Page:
More  historic photographs appear in the  Galleries.

Child photographed by Knight
2013-06-02T23:28:06+00:00
Historic Photographs More  historic photographs appear in the  Galleries.

The Brigstocke China

The Brigstocke China

All images reproduced with permission of IW Heritage Service, to whom we are very grateful.

Brigstoke Terrace China Group front view

The Brigstocke China comprises pieces collected by the family over many years, reflecting catholic tastes.

Brigstoke Terrace China Group side view

Brigstoke Terrace China Group reverse view

Brigstoke Terrace China Hare

Brigstoke Terrace China Horse
2013-06-02T23:46:00+00:00
The Brigstocke China All images reproduced with permission of IW Heritage Service, to whom we are very grateful. The Brigstocke China comprises pieces collected by the family over many years, reflecting catholic tastes.

The Royal Victoria Arcade

The Royal Victoria Arcade

The Royal Victoria Arcade - Victorian Timeline, the first 70 years of the Royal Victoria Arcade from the laying of the foundation stone to 1903

An etching of the original arcade frontage

1835 -May - Foundation Stone Ceremony
1836 - July - Opening Ceremony
1856 - July - Henry Knight buys the arcade for £3000
1856 - October - frontage altered
1857 - October - William Lacy the first Arcade photographer moves into a workshop in the basement
1862 -  March - Cornelius Jabez Hughes takes over Number 6 after Lacy's death, in November 1861
1864 -  Henry Knight's Fairy Fountain in the rotunda

An etching of the 1840s arcade interior

1880 - Henry patents tin opener and sells it to Crosse and Blackwell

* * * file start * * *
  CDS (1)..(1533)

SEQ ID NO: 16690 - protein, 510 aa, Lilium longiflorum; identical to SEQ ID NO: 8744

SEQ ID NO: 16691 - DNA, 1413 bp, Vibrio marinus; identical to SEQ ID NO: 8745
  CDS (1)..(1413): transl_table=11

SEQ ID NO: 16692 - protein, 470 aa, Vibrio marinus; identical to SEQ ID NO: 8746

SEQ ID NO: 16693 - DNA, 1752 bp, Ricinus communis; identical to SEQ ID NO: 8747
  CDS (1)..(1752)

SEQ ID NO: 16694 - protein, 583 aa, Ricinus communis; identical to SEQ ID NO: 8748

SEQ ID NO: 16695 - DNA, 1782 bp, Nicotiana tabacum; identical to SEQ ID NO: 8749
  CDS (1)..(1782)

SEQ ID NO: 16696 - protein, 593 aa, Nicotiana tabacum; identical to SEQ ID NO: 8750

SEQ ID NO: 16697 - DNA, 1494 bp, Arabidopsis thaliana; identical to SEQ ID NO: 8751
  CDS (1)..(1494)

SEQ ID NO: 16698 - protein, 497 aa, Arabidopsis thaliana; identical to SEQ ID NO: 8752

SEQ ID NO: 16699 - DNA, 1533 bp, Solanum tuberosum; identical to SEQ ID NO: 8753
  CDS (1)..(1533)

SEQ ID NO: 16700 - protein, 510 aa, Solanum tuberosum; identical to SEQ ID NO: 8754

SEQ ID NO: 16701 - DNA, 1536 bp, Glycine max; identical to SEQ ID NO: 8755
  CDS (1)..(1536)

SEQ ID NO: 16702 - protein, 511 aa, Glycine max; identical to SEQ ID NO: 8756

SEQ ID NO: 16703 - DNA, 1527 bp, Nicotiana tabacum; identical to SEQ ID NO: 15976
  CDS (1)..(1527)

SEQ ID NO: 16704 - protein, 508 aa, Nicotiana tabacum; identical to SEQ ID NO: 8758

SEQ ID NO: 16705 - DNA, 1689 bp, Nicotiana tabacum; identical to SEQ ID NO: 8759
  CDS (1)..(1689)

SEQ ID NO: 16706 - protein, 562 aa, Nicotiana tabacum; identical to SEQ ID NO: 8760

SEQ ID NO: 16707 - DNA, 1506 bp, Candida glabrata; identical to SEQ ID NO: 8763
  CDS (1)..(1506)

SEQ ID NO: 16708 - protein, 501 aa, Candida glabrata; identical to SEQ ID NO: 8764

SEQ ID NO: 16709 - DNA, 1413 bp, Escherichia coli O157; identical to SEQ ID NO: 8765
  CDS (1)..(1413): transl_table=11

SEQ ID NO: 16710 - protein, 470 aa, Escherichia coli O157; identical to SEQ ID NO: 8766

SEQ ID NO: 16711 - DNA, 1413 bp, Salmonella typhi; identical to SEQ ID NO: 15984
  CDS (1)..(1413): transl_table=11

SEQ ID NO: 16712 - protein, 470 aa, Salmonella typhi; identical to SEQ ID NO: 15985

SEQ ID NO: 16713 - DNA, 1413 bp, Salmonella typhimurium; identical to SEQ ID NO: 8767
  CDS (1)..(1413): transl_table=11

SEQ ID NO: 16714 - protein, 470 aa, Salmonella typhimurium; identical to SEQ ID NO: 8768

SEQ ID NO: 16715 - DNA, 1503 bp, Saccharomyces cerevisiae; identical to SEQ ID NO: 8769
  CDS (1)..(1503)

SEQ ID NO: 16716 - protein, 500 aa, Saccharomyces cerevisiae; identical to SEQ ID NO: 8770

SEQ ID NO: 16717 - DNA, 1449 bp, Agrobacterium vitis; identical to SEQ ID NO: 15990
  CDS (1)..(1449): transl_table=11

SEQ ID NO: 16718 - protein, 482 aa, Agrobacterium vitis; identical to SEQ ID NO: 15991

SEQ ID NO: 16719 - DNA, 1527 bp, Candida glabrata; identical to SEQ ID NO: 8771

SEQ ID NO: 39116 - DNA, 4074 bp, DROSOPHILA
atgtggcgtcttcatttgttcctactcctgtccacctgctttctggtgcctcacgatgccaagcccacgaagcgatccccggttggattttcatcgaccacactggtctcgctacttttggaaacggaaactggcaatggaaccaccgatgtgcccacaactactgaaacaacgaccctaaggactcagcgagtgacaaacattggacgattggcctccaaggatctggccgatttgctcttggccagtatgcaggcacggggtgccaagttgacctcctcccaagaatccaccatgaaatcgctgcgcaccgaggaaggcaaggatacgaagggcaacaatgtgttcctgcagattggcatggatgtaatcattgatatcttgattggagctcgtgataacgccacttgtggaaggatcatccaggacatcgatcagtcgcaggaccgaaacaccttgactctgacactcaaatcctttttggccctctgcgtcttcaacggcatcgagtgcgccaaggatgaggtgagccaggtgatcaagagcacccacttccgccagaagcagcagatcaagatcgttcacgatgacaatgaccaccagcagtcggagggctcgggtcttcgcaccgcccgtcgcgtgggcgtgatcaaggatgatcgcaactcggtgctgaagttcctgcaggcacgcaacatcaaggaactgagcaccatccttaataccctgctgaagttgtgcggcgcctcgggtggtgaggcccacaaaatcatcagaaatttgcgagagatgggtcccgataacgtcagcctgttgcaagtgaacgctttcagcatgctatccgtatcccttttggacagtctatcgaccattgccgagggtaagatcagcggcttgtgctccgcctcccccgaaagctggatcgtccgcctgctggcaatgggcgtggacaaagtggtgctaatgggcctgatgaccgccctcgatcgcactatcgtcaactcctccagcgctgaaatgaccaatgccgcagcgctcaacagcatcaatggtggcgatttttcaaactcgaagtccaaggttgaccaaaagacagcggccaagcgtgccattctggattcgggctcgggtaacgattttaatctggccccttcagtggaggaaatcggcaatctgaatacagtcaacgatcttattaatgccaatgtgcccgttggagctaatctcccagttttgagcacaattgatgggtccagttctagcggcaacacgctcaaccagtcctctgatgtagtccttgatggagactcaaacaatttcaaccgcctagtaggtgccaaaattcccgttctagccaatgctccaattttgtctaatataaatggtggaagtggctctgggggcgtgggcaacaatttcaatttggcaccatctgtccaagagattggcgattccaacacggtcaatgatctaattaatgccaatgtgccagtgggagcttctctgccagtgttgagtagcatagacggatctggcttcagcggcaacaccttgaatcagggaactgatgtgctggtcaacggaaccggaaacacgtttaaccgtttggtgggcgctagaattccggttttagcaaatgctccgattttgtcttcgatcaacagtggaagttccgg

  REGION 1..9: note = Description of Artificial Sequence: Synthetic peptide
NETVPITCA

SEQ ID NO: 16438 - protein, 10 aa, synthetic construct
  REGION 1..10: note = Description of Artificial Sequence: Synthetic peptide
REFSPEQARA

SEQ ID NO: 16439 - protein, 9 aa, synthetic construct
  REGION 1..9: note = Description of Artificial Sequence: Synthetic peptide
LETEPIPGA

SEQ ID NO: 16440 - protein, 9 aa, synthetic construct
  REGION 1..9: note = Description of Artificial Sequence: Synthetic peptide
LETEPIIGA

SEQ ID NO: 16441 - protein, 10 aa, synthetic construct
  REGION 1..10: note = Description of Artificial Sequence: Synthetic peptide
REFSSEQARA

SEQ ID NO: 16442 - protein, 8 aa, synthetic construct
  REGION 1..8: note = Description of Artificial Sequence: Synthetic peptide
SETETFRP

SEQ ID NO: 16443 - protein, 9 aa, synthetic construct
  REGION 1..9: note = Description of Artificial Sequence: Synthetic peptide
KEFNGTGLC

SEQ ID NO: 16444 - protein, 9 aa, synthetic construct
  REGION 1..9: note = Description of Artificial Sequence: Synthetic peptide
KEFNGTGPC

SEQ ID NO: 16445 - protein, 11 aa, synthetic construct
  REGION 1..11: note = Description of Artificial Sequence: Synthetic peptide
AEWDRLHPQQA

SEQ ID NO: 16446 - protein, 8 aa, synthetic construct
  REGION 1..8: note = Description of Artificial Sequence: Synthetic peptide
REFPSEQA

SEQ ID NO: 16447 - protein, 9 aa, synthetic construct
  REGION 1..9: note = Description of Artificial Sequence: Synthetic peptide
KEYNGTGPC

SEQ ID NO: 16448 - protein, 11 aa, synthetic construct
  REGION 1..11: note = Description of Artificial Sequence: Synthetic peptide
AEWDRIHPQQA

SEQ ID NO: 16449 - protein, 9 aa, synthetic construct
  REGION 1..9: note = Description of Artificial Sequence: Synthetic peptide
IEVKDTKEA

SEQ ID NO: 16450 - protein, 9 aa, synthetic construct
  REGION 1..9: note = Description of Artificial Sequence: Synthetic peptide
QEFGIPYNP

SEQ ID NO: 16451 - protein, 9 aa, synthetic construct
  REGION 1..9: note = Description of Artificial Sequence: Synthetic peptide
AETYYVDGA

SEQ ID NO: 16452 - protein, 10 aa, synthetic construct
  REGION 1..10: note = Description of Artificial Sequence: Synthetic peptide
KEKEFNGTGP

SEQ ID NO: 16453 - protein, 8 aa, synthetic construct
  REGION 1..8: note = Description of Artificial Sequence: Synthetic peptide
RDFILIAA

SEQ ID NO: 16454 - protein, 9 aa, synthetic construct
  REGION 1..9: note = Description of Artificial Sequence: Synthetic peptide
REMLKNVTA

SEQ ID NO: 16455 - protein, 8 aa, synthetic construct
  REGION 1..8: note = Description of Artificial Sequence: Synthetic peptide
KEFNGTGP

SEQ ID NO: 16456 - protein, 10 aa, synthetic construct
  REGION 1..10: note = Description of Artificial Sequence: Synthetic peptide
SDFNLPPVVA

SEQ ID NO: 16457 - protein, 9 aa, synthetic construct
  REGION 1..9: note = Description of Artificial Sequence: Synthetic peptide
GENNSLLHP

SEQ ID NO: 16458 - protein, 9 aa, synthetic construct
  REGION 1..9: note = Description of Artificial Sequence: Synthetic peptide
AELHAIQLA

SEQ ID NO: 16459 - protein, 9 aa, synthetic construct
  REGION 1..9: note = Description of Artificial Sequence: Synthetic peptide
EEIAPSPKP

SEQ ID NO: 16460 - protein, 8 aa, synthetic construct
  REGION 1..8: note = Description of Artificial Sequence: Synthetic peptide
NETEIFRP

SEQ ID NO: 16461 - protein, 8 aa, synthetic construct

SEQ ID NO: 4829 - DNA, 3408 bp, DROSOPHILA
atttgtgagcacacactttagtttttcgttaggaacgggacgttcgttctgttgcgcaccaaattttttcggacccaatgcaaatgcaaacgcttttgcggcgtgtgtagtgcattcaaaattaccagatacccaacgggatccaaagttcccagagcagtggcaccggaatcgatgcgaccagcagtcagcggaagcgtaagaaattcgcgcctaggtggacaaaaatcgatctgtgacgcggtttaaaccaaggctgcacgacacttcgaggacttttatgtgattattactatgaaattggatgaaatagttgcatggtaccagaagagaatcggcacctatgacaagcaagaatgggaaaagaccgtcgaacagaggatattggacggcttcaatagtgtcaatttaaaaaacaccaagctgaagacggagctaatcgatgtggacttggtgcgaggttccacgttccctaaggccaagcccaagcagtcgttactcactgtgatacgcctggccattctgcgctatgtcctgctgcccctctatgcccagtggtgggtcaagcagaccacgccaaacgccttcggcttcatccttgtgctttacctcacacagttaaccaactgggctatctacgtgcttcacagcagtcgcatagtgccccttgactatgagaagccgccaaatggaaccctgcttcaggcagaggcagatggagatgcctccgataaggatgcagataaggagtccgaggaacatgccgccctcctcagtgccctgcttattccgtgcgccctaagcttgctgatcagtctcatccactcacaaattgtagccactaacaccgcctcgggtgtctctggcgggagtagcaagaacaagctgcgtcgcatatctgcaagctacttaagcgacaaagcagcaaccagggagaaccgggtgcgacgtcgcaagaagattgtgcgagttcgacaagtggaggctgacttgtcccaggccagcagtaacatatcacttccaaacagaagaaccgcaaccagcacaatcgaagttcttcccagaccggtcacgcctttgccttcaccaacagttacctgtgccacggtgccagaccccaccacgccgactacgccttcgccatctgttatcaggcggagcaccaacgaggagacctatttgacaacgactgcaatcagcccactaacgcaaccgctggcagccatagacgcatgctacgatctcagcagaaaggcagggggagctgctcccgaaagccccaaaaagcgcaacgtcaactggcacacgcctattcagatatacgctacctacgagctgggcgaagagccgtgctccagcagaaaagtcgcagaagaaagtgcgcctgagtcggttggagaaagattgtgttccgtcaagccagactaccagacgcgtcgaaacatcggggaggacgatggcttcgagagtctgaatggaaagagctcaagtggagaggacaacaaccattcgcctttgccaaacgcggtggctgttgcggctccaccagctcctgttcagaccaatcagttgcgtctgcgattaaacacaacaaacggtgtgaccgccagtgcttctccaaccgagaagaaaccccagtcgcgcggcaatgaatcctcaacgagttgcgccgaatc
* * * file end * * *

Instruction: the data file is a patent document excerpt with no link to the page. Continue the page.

1890 - Henry Knight goes bankrupt and hands over the arcade to his daughters
1895 - Death of Henry Knight
1903 - Arcade up for sale
2013-06-03T00:23:37+00:00
The Royal Victoria Arcade The Royal Victoria Arcade - Victorian Timeline, the first 70 years of the Royal Victoria Arcade from the laying of the foundation stone to 1903 1835 -May - Foundation Stone Ceremony 1836 - July - Opening Ceremony 1856 - July - Henry Knight buys the arcade for £3000 1856 - October - frontage altered 1857 - October - William Lacy the first Arcade photographer moves into a workshop in the basement 1862 -  March - Cornelius Jabez Hughes takes over Number 6 after Lacy's death, in November 1861 1864 -  Henry Knight's Fairy Fountain in the rotunda 1880 - Henry patents tin opener and sells it to Crosse and Blackwell 1890 - Henry Knight goes bankrupt and hands over the arcade to his daughters 1895 - Death of Henry Knight 1903 - Arcade up for sale

Original Logo

Original Logo

The original artwork for the logo was drawn by Lynne Phillips from a design on two shelters on Ryde Pier, and adapted by Depth.

Historic Ryde Society Logo

The original logo copyright Lynne Phillips

Cyril the Sea Serpent on Ryde Pier

 
2013-06-03T00:26:48+00:00
Original Logo The original artwork for the logo was drawn by Lynne Phillips from a design on two shelters on Ryde Pier, and adapted by Depth.  

Royal Ryde

Royal Ryde

Royal Ryde, the link to Queen Victoria.